Where would Illinois basketball be if they beat Rutgers in 2017?


Photo Courtesy of Fighting Illini Athletics

Former Illinois Head Basketball Coach John Groce looks toward the court during the match against NC State on Nov. 29, 2016.

By Carson Gourdie, Assistant Sports Editor

It’s March 4, 2017. All Illinois had to do was defeat Rutgers. It didn’t matter if it was by one or 50 points. If Illinois could manage to knock off the worst team in the Big Ten, they would’ve clinched their first NCAA tournament appearance since John Groce’s inaugural season. Newly hired athletic director Josh Whitman saw the program as a shell of itself. But would Groce still be in Champaign if he had won that game?

To put it nicely, the Groce tenure was a disaster. After years of unmet expectations under his predecessor, Bruce Weber, the Illini decided it was time to make a change at head coach. With the 2004-2005 season still on peoples’s minds, the Illini faithful had a hard time adjusting to Illinois teams barely even being a bubble team.

After Weber’s dismissal, the Illini got publicly rejected by current Texas Longhorns head coach Shaka Smart, who was fresh off of a Final Four appearance at VCU. With many candidates rejecting the idea of moving to Champaign County, Groce was finally picked as Weber’s successor, an uninspiring choice to many Illini fans. 

“There’s always going to be skeptics in everything in life,” Groce said to the St. Louis Dispatch. “If you don’t have thick skin in this profession, you’re in trouble. You can’t please everybody. You have to do what’s right. … There are going to be skeptics, and it’s all about how you deal with them.”

In Groce’s defense, he wasn’t an awful hire. During his tenure at Ohio University, Groce led the Bobcats to two NCAA tournament appearances, including a Sweet 16 birth. But it was a reality check to Illini fans: their program had lost the lust of luring a top-tier candidate.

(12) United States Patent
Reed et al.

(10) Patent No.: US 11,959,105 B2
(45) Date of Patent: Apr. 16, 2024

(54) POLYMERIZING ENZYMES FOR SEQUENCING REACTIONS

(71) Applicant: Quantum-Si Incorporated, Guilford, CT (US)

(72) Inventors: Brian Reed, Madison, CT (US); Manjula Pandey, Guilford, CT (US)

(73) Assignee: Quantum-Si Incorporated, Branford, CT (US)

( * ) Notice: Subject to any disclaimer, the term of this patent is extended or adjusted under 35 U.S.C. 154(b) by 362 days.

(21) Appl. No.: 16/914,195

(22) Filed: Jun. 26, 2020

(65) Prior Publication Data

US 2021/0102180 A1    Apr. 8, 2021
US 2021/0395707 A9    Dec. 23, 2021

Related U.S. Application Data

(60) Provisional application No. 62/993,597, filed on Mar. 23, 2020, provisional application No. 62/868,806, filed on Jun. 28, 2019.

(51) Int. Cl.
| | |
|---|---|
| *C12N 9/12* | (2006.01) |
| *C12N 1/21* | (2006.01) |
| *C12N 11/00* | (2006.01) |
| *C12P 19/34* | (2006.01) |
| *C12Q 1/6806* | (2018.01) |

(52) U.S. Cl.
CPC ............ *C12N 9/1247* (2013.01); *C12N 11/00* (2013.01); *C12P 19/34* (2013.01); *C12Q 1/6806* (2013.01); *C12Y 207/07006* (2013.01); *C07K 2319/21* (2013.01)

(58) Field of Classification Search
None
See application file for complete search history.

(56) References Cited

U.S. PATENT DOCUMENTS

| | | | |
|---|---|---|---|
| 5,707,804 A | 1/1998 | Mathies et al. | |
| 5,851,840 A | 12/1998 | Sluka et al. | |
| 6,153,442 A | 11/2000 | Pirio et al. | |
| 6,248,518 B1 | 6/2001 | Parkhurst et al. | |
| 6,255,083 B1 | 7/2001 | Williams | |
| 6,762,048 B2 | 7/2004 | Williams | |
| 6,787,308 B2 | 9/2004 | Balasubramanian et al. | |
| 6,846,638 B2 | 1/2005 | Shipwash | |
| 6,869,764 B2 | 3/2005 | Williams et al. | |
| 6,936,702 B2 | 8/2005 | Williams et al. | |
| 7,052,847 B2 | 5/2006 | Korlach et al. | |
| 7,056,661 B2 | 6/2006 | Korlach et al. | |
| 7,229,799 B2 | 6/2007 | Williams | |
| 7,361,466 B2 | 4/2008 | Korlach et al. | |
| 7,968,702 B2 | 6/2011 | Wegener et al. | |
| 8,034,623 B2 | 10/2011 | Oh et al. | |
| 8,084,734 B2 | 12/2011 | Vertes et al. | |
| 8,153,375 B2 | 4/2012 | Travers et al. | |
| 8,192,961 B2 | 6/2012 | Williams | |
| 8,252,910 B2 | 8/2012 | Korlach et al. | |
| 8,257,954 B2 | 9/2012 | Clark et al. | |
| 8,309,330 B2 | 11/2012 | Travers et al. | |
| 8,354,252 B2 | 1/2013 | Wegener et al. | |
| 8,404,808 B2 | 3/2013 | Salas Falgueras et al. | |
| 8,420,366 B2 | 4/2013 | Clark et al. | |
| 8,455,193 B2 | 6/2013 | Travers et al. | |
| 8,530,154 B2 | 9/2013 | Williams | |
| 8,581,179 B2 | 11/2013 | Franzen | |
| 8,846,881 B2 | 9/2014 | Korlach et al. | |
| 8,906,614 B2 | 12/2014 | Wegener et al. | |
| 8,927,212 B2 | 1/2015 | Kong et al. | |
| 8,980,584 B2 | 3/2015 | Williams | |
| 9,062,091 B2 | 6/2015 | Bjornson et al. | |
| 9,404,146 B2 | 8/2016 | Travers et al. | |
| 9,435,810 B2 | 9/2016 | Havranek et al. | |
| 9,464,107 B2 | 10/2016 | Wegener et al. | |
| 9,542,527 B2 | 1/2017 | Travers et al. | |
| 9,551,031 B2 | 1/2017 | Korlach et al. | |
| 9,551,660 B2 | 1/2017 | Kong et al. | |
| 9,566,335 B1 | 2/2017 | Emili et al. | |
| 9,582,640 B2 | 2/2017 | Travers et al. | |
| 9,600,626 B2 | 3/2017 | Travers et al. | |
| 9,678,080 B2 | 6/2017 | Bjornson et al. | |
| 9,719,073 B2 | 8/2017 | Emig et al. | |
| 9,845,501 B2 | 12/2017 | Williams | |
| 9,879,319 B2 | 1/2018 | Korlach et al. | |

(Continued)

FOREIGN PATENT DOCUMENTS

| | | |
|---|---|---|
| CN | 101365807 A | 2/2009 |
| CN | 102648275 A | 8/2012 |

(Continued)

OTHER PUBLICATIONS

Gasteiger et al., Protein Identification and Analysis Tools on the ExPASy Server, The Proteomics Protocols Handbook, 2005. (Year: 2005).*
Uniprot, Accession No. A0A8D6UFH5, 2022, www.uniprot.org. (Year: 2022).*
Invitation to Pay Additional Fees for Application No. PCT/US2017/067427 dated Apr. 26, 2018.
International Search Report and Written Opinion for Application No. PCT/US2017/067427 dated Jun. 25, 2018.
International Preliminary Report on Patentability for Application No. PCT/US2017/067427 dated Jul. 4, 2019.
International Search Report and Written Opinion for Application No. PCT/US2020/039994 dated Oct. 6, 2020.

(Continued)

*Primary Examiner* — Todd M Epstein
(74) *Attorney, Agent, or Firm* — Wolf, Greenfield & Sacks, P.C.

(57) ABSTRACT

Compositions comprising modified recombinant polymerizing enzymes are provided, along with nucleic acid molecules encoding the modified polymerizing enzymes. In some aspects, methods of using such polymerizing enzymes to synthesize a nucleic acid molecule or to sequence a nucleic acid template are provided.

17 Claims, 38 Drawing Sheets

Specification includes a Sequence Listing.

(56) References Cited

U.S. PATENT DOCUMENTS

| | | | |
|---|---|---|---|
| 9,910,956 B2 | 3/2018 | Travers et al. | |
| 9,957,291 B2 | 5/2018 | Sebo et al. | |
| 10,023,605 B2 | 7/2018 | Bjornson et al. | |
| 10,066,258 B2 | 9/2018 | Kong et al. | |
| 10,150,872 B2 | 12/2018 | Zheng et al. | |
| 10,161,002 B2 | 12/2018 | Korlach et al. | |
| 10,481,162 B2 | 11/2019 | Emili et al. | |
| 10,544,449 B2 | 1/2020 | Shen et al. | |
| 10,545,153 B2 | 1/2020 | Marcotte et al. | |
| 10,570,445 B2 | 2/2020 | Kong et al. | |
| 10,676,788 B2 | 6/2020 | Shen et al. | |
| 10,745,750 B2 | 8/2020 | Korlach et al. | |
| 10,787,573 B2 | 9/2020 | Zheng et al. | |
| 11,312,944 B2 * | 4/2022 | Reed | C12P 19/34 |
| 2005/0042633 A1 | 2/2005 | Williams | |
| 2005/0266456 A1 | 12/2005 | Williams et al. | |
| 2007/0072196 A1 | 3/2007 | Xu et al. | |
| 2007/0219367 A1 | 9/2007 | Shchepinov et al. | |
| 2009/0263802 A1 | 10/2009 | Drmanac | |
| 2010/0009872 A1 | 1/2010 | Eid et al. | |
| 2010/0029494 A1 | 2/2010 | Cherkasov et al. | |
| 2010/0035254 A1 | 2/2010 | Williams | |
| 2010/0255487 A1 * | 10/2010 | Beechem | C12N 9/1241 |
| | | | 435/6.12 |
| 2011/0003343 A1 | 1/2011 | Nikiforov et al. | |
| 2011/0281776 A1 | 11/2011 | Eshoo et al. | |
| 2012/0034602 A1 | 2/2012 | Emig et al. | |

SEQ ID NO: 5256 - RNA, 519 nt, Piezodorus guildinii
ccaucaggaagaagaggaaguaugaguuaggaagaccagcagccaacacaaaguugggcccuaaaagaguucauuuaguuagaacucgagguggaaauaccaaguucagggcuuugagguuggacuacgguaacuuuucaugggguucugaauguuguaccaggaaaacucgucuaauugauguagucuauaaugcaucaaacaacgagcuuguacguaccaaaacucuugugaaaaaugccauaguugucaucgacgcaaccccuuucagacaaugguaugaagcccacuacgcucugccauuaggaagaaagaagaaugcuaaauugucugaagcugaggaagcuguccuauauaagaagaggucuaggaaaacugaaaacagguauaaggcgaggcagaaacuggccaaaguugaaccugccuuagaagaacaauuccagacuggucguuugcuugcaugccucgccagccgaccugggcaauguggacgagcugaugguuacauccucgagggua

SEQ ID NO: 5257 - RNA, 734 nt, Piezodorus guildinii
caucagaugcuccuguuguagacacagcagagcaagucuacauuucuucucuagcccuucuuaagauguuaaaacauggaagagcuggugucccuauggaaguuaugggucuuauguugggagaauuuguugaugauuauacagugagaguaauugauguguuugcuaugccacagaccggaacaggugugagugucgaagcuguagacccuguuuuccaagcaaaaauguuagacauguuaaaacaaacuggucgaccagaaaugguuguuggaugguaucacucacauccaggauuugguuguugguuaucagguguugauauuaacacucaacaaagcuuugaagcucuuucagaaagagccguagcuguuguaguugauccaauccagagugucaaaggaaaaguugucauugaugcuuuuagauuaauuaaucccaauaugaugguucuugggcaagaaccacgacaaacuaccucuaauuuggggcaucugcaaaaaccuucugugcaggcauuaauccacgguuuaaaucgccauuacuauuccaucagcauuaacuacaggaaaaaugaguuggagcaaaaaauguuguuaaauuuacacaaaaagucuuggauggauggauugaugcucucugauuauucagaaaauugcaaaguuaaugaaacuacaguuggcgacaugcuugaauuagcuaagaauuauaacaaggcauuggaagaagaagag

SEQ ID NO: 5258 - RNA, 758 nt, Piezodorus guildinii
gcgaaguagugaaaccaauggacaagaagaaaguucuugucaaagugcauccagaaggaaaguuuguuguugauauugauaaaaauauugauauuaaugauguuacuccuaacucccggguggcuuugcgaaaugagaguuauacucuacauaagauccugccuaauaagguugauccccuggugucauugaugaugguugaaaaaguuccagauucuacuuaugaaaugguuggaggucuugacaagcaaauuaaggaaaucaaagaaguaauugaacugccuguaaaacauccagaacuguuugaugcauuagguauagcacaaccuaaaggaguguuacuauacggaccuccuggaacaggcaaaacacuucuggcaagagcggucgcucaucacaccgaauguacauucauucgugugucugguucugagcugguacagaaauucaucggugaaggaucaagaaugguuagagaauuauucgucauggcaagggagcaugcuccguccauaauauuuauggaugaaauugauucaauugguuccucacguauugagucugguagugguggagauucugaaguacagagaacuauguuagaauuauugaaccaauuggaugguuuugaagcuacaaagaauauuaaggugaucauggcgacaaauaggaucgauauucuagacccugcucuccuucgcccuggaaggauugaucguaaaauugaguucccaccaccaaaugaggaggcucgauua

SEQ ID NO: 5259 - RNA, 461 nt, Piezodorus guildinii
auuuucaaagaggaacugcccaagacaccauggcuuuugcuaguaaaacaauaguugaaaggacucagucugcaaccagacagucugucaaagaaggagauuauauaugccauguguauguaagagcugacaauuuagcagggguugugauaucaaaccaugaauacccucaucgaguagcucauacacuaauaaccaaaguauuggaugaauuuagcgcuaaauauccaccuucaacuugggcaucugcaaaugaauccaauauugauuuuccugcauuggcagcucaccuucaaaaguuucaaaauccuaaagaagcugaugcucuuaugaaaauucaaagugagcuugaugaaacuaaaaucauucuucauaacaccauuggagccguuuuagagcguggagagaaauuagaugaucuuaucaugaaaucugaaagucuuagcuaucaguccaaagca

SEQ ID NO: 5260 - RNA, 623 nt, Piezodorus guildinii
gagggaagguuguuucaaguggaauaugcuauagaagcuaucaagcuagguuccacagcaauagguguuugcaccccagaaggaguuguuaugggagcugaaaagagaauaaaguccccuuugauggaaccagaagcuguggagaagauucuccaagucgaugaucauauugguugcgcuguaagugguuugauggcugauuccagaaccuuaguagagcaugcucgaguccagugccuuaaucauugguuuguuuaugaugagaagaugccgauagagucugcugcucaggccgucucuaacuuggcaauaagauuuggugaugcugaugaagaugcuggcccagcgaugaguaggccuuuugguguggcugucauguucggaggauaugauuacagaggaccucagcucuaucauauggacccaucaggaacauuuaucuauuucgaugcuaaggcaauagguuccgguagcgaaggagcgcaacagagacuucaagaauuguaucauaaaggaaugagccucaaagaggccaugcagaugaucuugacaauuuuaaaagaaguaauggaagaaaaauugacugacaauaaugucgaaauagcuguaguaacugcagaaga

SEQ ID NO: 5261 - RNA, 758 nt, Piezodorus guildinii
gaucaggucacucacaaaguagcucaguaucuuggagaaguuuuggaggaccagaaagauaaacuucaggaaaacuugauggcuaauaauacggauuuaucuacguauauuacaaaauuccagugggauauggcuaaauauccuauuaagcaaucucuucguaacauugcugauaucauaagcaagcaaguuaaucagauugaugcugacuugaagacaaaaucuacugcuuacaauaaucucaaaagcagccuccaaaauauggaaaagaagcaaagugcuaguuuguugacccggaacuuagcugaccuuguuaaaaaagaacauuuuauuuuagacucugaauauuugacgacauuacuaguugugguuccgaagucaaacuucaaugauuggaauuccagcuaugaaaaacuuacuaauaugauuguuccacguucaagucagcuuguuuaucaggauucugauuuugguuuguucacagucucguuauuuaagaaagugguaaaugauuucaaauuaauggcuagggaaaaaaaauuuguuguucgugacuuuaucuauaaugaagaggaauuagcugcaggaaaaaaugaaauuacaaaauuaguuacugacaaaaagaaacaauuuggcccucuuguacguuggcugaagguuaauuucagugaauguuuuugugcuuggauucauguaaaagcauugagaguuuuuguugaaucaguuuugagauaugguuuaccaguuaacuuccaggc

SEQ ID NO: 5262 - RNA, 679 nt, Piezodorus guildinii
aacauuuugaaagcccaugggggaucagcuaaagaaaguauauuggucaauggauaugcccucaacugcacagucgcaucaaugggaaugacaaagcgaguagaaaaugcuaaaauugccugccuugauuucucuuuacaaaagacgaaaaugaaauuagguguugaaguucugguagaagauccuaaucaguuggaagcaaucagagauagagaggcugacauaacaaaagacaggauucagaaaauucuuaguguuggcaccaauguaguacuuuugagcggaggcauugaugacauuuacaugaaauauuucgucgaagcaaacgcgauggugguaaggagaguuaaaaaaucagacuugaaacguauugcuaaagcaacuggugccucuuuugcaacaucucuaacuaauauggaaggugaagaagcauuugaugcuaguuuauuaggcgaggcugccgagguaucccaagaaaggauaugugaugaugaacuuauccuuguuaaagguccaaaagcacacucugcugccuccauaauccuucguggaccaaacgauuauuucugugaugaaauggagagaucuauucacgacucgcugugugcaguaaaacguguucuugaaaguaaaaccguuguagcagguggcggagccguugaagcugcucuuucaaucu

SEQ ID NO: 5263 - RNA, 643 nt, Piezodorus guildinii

In the four years leading up to Groce’s would-be last season, the Illini made just one NCAA tournament appearance while appearing in the NIT twice. And remember, this was all under a different athletic director. But with Whitman’s first actions after being hired, Groce knew his seat was boiling.

Three hundred sixty-four days before Illinois tipped off against Rutgers, Whitman fired Illinois football head coach Bill Cubit, replacing him with Lovie Smith. It became clear that Whitman wanted his own people, not counting on past decisions by failed athletic directors for future success. 

“For some people this might feel like another body blow in a series of body blows,” Whitman said. “I see it as a first step toward what we want to build.”

With pressure to succeed immediately under his new boss, the Illini struggled in Big Ten play. After being routed by a bad Penn State team at home, the Illini fell to 14-12 after a 10-3 start. 

But something changed after that game. For a brief period, Illinois gained its mojo back, and it appeared that Groce might actually keep his job. 

Behind the heroics of Illini guard Malcolm Hill, the Illini reeled off three consecutive victories to put them squarely on the bubble. On Senior Night, the Illini hosted fellow bubble team Michigan State. After staking out a six-point halftime lead, the Illini held off a young Cassius Winston and the Spartans, securing a 73-70 victory. The home crowd erupted, as they finally thought Groce had brought back the Illini to relevance. But the source of the problem still remained, as evidenced by Groce’s statements.